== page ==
Results of a study of long-term health care costs suggest that patients with obesity and type 2 diabetes should be prioritized for weight-loss surgery over those without diabetes in light of cost savings from possible disease reversal following surgery.
“In this study, we report for the first time, to our knowledge, that long-term economic outcomes favor the diabetes subgroup (relative to euglycemia and prediabetes subgroups), adding further evidence to support the prioritization of patients with obesity and type 2 diabetes for bariatric surgery,” the researchers wrote. “We also noted that duration of diabetes was of importance, with a shorter duration being associated with better cost outcomes.”
, PhD, of the clinical epidemiology unit, department of medicine at Karolinska Institutet in Sweden, and colleagues evaluated data from the Swedish Obese Subjects (SOS) study on 1,999 adults who had bariatric surgery and 2,031 who underwent conventional treatment between Sept. 1, 1987, and Jan. 31, 2001, to determine health care costs between the groups.
These participants were divided into the following groups: participants without diabetes who underwent surgery (n = 1,355), participants without diabetes who underwent conventional therapy (n = 1,481), those with prediabetes who underwent surgery (n = 301), those with prediabetes who underwent conventional therapy (n = 290), those with diabetes who underwent surgery (n = 343) and those with diabetes who underwent conventional therapy (n = 260).
In participants without diabetes, drug costs did not differ between the surgery and conventional therapy groups during a mean 15 years. However, over 15 years participants with prediabetes who underwent surgery had lower drug costs compared with those who had conventional therapy (P = .007) and the same was found for those with diabetes (P < .0001).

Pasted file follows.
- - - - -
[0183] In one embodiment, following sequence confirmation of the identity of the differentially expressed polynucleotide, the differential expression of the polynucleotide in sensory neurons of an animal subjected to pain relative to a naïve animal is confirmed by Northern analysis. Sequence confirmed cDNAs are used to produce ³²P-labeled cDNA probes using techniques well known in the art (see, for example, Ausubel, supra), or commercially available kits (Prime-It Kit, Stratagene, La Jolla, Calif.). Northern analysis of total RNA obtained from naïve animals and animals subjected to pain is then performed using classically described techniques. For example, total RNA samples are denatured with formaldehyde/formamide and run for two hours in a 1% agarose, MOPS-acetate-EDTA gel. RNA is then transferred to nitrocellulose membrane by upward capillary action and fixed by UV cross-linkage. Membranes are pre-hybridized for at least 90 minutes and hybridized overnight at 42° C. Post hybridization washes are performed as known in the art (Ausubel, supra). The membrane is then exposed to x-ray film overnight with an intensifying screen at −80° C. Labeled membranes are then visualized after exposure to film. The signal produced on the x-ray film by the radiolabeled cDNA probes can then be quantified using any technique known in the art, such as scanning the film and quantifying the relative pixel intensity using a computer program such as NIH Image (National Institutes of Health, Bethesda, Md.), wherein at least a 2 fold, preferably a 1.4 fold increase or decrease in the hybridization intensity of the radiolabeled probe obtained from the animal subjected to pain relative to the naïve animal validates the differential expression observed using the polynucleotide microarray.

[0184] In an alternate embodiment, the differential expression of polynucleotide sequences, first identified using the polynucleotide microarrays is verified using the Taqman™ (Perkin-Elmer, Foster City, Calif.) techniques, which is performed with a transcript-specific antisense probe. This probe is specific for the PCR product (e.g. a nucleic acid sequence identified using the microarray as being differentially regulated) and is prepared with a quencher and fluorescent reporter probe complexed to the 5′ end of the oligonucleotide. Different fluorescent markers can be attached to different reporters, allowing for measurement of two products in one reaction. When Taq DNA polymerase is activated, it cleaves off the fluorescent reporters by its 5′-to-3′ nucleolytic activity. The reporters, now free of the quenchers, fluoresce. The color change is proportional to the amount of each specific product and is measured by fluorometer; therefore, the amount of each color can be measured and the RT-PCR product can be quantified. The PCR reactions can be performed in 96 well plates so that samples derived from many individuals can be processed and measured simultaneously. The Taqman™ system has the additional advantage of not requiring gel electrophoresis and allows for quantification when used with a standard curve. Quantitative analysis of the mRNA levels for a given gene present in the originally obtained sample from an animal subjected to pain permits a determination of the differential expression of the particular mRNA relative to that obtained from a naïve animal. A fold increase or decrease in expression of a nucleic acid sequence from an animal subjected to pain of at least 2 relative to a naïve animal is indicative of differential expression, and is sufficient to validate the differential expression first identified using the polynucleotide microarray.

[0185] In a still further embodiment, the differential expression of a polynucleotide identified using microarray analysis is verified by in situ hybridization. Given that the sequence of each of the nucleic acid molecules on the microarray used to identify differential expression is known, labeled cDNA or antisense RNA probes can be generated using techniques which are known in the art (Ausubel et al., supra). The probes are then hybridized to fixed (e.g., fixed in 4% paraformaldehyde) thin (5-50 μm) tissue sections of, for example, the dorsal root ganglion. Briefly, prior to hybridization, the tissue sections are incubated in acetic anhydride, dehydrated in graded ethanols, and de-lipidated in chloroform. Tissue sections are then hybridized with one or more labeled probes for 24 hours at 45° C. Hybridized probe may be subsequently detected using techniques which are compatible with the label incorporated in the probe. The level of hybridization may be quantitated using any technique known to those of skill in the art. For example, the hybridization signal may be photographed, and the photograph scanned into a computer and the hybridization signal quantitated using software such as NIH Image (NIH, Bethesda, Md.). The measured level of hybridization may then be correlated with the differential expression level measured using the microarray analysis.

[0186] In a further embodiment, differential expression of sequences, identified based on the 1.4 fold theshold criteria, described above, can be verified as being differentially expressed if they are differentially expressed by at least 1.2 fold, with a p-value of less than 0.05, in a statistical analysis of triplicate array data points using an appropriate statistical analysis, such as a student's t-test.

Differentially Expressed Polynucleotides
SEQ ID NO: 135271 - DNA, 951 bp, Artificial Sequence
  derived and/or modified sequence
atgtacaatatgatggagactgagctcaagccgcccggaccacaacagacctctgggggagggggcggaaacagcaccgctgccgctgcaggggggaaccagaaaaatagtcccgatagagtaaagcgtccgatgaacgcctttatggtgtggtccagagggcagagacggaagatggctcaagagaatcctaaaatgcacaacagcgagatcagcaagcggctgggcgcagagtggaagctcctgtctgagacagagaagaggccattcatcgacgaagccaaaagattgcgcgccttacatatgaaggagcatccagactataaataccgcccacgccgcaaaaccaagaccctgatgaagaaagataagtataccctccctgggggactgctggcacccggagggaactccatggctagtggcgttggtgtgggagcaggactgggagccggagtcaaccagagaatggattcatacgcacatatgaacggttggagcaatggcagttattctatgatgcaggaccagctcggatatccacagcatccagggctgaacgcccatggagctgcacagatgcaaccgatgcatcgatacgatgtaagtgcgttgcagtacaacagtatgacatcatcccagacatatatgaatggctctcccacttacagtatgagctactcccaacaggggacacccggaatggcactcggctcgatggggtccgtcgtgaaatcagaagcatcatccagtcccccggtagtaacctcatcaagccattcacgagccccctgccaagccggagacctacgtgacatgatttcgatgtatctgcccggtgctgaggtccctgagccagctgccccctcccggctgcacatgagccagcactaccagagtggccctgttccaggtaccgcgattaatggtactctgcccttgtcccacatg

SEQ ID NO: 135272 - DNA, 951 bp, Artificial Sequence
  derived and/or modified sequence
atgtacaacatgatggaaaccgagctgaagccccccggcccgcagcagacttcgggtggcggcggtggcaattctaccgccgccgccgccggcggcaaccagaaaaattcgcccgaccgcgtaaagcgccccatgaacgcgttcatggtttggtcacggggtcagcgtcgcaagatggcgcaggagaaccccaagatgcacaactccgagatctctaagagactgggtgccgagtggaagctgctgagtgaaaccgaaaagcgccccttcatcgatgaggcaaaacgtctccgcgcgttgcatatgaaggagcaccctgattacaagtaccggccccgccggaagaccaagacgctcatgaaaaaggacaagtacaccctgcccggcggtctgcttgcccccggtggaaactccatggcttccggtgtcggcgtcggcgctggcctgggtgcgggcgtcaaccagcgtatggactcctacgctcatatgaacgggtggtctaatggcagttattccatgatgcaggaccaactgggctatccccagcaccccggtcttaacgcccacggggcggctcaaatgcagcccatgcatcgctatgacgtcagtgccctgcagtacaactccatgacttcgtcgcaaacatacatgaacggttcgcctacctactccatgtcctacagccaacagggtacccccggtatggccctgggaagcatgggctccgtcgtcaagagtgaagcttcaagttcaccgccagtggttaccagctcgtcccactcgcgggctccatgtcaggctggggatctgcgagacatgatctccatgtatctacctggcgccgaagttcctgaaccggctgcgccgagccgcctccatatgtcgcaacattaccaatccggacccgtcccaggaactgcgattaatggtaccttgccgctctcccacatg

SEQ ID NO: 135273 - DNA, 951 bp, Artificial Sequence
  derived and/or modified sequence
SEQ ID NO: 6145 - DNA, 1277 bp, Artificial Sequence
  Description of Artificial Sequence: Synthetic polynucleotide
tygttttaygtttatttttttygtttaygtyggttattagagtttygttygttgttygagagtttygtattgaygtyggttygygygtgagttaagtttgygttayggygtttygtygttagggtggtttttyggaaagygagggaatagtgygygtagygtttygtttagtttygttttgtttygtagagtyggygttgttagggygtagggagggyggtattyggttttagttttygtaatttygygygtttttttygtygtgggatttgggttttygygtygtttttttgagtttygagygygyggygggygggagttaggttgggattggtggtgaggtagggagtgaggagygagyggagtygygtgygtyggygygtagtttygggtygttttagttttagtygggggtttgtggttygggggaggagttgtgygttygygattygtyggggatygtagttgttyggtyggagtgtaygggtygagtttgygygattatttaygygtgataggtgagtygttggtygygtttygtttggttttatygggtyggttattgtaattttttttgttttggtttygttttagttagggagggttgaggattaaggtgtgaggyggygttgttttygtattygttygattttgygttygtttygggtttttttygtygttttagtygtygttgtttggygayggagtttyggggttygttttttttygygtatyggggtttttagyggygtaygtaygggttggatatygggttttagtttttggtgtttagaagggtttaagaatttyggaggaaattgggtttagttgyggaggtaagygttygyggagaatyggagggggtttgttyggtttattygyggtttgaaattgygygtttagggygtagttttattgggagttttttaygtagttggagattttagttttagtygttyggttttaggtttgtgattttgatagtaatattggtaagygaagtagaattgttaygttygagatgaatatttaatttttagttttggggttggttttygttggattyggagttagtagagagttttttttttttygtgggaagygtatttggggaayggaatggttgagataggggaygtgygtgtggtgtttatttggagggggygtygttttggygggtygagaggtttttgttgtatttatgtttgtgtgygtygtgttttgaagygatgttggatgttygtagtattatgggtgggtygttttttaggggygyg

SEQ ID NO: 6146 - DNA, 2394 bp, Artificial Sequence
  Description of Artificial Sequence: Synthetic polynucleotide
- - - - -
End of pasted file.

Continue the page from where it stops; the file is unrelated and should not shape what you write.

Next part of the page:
Inpatient costs over 15 years were higher among all glucose subgroups for those who underwent surgery (P < .0001 for each) compared with conventional therapy.
Participants without diabetes and those with prediabetes who underwent surgery had higher total health care costs compared with those who had conventional care (P < .0001 for both); no difference was found between treatment groups for participants with diabetes.
“In this study, we show that for obese patients with type 2 diabetes, the upfront costs of bariatric surgery seem to be largely offset by prevention of future health care and drug use,” the researchers wrote. “The finding of cost neutrality is seldom noted for health care interventions, nor is it a requirement of funding in most settings. Usually, buying of health benefits at an acceptable cost … is the economic benchmark adopted by payers when new interventions are assessed. Bariatric surgery should be held to the same economic standards as other medical interventions.”
In an accompanying editorial, Ricardo Cohen, MD, of the Center for Obesity and Diabetes at the Hospital Oswaldo Cruz in Brazil, wrote that BMI should not be the only indication for surgery.
“Thus, individuals that do not have their diabetes under control with the best pharmacological approach and lifestyle interventions should be prioritized for bariatric surgery, irrespective of their BMI,” he wrote. “Those with a short history of diabetes should be prioritized the most because they will probably need fewer drugs and will be less likely to develop microvascular and macrovascular complications than will those with a long history of the disease as fewer complex and expensive medical resources will be needed.” – by Amber Cox
Cohen reports no relevant financial disclosures. Neovius reports various financial ties with Abbott, AstraZeneca, Cambridge Weight Plan, Itrim International, Novo Nordisk, Pfizer, Sanofi-Aventis, Strategic Health Resources, Studentlitteratur, and the Swedish Scientific Research Council.